Financial Aid for Students Enrolled in Preparatory Course Work
Students enrolled at least half-time in undergraduate courses required for admission to a degree program may be eligible for limited Federal Direct Stafford Loan funds. For more information, contact the Financial Aid Office.
Withdrawal Implications for Recipients of Financial Aid
During the Drop/Add Period
During the university’s published drop/add period, students who drop or reduce their enrollment may be eligible for a 100 percent refund of tuition for classes dropped.
Financial aid recipients must immediately notify the Financial Aid Office in writing when a drop from one or more classes during the drop/add period results in an enrollment status different from that on which their current financial aid eligibility was based. The same applies if one or more classes are canceled.
The Financial Aid Office will review the student’s new enrollment and, if appropriate, revise the student’s eligibility based on the new enrollment status.
If a financial aid recipient drops from all classes or drops to less than half-time status during the drop/add period, all financial aid awards must be returned to their respective programs. If the student was given financial aid funds for other expenses, he or she will be expected to return those funds to the university.
After the Drop/Add Period
Students who are recipients of Title IV federal student aid are also covered by federal policies. Title IV federal student aid is awarded to a student under the assumption that the student will attend for the entire period for which the assistance is provided and thereby “earn” the award. When a student ceases academic attendance prior to the end of that period, the student may no longer be eligible for the full amount of federal funds that the student was originally scheduled to receive.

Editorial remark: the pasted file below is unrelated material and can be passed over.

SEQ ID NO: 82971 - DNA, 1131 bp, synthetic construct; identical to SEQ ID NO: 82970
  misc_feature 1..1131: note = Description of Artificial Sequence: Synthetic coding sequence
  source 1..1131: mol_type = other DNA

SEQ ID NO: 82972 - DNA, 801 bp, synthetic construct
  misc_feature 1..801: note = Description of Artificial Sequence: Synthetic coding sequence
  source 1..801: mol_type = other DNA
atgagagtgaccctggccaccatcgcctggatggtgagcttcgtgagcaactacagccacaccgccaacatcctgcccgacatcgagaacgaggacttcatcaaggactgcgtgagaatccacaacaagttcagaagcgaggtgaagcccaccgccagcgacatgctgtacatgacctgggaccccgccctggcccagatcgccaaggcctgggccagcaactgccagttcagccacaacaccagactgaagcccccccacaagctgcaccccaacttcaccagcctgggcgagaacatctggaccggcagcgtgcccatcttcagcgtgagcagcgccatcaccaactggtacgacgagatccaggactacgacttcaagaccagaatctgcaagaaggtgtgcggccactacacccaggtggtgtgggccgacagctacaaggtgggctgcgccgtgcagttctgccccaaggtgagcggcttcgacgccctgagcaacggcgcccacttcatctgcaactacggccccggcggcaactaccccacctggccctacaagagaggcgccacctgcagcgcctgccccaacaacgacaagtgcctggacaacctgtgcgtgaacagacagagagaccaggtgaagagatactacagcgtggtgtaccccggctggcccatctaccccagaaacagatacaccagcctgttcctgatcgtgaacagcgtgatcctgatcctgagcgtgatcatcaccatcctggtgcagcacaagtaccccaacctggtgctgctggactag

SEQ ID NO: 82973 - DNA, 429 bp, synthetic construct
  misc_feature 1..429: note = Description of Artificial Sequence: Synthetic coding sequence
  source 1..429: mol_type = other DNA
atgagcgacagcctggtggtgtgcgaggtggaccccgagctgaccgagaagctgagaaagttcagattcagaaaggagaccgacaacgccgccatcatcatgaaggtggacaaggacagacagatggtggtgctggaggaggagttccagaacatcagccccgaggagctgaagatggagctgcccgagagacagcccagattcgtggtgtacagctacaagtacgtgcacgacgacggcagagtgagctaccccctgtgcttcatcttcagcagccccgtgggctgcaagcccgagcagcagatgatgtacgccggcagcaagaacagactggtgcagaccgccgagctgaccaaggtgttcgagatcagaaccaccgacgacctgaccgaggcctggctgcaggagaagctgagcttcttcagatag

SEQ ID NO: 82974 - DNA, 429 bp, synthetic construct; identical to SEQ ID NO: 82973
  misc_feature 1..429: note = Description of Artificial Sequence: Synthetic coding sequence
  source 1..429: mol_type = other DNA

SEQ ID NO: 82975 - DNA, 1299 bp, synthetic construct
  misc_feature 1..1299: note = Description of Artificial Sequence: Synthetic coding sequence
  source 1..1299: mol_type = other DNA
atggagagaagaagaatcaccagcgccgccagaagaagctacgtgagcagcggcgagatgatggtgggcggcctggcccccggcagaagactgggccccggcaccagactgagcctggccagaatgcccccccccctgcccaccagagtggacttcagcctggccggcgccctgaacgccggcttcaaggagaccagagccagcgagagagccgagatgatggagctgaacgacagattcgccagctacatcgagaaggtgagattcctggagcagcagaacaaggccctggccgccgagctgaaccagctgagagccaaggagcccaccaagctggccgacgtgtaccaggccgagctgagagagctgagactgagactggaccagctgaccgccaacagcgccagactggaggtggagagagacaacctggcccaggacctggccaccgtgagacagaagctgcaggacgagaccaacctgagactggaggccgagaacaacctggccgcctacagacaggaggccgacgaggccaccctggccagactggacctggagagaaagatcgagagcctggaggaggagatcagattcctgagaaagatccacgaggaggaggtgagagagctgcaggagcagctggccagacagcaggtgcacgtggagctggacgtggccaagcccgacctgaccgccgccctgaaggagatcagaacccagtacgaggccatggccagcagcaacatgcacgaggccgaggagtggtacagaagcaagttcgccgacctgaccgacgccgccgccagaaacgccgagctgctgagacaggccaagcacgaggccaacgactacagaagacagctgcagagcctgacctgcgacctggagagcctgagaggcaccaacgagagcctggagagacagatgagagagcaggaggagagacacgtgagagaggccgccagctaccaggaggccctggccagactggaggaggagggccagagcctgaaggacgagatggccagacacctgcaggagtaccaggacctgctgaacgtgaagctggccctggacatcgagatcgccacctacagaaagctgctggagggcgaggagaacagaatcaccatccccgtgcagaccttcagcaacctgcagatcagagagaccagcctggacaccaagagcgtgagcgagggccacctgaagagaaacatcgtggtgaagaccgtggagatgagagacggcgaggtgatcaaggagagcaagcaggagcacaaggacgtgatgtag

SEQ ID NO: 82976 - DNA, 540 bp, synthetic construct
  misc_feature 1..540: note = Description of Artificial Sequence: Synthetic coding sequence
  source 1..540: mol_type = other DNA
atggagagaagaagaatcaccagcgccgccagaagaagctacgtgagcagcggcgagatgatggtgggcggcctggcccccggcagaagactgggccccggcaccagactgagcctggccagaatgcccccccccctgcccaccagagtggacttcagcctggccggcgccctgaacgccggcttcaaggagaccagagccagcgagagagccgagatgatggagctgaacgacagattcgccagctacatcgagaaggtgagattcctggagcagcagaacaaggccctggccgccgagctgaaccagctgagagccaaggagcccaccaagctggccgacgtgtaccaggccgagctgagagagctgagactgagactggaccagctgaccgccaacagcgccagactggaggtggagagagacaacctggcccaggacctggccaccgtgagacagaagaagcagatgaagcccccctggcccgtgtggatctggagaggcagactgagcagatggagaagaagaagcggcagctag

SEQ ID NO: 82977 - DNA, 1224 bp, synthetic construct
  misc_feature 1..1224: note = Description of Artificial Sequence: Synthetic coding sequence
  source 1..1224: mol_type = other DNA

If a Title IV aid recipient withdraws from all classes on or before the session is 60 percent complete, based on the last date of attendance, federal policy requires that any “unearned” Title IV federal financial aid be returned to the U.S. Treasury, even if the student is not entitled to a refund of tuition.
A student is required to immediately notify the Registrar and the Financial Aid Office when he or she stops attending classes. If the student fails to notify either office, it is possible that the 50 percent point in the term will be used to determine the student’s last date of attendance, in accordance with federal regulations. If a student withdraws from all classes, the Financial Aid Office will determine if that student’s period of attendance resulted in the earning of all federal financial aid awarded for that term. If it is determined that not all the scheduled federal aid has in fact been earned, then the Financial Aid Office will calculate the amount to be returned to the federal financial aid programs. The Financial Aid Office will bill the student via his or her university account for the amount returned. It is the student’s responsibility to contact the Cashier’s Office to settle the bill.
Additional Responsibilities of Students Who Withdraw
Any time a student withdraws from one or more courses, the student should consider the potential effect on his or her Satisfactory Academic Progress (SAP) status. Please review the SAP section for more information about SAP requirements.